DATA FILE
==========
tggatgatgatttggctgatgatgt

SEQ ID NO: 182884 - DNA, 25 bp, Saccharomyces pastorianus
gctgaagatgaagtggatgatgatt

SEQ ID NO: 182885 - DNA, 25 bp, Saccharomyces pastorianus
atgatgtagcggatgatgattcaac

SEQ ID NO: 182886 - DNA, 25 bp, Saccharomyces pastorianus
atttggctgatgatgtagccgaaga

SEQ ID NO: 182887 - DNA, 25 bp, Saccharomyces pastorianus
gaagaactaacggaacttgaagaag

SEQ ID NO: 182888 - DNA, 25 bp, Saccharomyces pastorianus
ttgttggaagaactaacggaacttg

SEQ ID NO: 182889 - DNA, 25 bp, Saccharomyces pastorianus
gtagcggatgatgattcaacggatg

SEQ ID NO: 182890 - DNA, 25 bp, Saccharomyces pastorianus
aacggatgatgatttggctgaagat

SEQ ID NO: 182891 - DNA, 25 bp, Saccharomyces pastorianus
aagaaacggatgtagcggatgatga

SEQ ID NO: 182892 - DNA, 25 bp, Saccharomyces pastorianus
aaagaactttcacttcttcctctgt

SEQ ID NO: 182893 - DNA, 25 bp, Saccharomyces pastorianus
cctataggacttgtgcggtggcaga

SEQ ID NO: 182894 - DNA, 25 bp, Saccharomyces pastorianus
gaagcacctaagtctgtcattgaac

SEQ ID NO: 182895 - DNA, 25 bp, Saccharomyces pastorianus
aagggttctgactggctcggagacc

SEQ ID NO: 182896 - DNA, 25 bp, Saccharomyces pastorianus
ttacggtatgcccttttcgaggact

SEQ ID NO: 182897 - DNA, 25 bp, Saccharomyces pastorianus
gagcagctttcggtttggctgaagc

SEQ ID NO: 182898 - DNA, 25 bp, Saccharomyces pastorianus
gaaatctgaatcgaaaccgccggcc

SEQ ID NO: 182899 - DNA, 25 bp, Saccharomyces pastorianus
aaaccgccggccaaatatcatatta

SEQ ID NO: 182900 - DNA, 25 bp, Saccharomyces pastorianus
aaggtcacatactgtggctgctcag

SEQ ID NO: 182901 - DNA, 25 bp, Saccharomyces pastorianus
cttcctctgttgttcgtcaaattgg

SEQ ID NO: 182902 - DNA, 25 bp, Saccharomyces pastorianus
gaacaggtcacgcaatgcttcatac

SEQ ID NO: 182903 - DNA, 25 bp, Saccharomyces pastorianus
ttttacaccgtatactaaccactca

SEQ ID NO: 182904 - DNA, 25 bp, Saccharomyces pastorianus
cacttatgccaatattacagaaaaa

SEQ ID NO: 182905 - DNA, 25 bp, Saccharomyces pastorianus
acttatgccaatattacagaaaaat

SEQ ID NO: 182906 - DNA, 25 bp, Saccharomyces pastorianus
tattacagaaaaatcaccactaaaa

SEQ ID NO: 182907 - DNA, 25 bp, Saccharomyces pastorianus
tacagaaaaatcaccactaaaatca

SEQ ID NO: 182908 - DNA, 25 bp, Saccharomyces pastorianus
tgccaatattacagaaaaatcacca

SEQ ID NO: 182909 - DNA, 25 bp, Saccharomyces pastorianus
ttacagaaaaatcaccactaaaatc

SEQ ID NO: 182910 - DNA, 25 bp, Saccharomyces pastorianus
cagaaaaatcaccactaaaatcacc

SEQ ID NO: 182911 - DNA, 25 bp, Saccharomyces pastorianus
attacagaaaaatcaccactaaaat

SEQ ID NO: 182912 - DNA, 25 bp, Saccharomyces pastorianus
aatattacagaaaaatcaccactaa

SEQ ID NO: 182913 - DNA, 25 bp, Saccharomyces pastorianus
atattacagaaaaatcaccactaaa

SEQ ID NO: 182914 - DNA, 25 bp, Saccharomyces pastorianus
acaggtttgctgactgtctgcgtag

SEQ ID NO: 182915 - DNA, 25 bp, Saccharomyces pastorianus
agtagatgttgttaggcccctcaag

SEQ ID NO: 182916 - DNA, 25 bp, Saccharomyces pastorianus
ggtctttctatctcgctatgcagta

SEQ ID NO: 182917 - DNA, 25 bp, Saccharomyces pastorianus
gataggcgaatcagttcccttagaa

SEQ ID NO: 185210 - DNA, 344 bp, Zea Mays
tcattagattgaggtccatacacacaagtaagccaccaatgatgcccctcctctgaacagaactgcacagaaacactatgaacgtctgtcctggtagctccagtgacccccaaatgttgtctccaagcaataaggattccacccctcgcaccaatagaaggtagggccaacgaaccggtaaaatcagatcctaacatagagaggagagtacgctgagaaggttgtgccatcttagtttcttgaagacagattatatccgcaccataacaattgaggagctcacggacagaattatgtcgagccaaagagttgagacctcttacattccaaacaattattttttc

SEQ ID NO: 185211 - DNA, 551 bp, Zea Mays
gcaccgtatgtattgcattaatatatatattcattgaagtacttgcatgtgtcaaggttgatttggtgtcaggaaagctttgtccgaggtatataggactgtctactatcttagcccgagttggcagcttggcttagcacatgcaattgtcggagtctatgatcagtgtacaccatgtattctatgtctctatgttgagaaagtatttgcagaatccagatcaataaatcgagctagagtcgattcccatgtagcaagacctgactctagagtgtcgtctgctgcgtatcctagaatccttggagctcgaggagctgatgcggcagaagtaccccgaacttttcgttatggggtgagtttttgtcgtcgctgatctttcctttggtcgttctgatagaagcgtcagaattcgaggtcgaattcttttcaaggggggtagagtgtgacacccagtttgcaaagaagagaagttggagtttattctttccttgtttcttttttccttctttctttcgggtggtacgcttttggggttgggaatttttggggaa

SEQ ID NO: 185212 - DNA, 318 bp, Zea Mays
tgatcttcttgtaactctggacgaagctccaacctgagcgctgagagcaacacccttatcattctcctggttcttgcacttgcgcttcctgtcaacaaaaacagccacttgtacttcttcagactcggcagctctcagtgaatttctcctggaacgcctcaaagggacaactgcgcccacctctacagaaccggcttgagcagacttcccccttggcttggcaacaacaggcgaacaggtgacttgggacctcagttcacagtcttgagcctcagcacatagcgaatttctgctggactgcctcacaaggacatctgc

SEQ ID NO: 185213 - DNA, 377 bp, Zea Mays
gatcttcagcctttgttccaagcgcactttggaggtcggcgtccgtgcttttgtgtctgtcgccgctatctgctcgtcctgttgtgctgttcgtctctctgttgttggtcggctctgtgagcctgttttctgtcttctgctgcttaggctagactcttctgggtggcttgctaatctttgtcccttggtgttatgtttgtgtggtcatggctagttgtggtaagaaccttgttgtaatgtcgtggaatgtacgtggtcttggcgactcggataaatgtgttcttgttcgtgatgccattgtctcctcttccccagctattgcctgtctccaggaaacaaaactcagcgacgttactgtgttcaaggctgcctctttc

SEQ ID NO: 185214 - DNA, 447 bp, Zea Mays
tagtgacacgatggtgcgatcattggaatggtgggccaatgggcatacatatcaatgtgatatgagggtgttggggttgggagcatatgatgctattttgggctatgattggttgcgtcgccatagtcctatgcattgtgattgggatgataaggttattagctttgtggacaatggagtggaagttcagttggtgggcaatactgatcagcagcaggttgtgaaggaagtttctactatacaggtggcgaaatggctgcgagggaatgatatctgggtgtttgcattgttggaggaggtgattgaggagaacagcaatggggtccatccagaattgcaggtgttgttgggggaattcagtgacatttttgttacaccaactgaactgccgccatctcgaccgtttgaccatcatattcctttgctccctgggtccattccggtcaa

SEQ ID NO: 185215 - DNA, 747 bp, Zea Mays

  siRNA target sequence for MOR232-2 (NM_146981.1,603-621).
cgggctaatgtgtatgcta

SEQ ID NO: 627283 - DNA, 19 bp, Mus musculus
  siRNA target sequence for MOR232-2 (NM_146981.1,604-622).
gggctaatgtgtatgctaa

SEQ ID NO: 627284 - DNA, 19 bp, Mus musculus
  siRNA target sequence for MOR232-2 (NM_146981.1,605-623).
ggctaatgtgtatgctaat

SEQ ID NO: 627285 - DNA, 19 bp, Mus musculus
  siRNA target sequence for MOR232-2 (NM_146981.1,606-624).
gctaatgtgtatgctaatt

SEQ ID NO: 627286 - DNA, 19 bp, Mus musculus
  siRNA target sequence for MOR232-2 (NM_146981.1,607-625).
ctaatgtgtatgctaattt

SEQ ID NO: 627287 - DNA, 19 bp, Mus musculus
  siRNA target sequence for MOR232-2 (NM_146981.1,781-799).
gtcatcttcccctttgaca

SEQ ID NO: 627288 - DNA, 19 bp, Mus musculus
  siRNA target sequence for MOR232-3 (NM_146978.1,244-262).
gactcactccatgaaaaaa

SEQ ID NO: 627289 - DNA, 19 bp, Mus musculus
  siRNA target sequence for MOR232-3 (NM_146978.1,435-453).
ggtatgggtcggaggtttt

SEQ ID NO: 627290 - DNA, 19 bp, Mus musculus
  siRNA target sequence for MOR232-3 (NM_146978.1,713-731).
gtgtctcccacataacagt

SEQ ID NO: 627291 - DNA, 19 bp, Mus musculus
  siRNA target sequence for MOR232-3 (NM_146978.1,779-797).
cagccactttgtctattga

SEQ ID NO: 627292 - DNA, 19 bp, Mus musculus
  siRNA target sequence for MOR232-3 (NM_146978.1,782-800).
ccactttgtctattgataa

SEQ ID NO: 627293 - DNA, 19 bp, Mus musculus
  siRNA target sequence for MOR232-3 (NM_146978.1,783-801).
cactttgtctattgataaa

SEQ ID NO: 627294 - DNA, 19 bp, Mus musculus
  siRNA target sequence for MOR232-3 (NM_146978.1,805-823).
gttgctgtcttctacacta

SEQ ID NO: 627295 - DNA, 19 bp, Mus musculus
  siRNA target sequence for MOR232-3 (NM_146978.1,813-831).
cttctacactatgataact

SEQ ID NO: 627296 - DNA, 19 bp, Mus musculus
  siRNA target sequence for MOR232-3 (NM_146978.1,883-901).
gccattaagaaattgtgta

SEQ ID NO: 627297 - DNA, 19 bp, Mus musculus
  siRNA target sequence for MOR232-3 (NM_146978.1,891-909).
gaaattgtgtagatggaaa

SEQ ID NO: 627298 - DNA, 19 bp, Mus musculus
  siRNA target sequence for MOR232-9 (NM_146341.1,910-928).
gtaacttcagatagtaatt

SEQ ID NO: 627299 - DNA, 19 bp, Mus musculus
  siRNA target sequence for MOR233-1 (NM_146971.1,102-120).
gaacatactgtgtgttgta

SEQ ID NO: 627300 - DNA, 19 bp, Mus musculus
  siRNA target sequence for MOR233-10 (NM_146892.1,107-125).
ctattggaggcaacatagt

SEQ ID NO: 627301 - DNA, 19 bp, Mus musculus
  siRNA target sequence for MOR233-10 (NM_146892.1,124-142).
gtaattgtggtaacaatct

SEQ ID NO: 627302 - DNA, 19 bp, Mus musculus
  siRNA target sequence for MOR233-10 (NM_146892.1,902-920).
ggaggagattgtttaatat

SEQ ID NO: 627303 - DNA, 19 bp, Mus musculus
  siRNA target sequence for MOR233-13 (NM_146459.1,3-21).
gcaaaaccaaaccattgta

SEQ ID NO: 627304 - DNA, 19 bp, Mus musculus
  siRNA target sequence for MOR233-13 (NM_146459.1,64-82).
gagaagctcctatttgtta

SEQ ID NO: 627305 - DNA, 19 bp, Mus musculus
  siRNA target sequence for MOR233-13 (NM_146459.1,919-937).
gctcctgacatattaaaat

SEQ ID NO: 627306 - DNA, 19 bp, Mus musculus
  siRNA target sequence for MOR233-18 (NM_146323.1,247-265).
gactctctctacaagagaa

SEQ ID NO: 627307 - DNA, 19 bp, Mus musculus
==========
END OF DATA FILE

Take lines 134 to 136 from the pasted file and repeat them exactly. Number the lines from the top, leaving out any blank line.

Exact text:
SEQ ID NO: 627300 - DNA, 19 bp, Mus musculus
  siRNA target sequence for MOR233-10 (NM_146892.1,107-125).
ctattggaggcaacatagt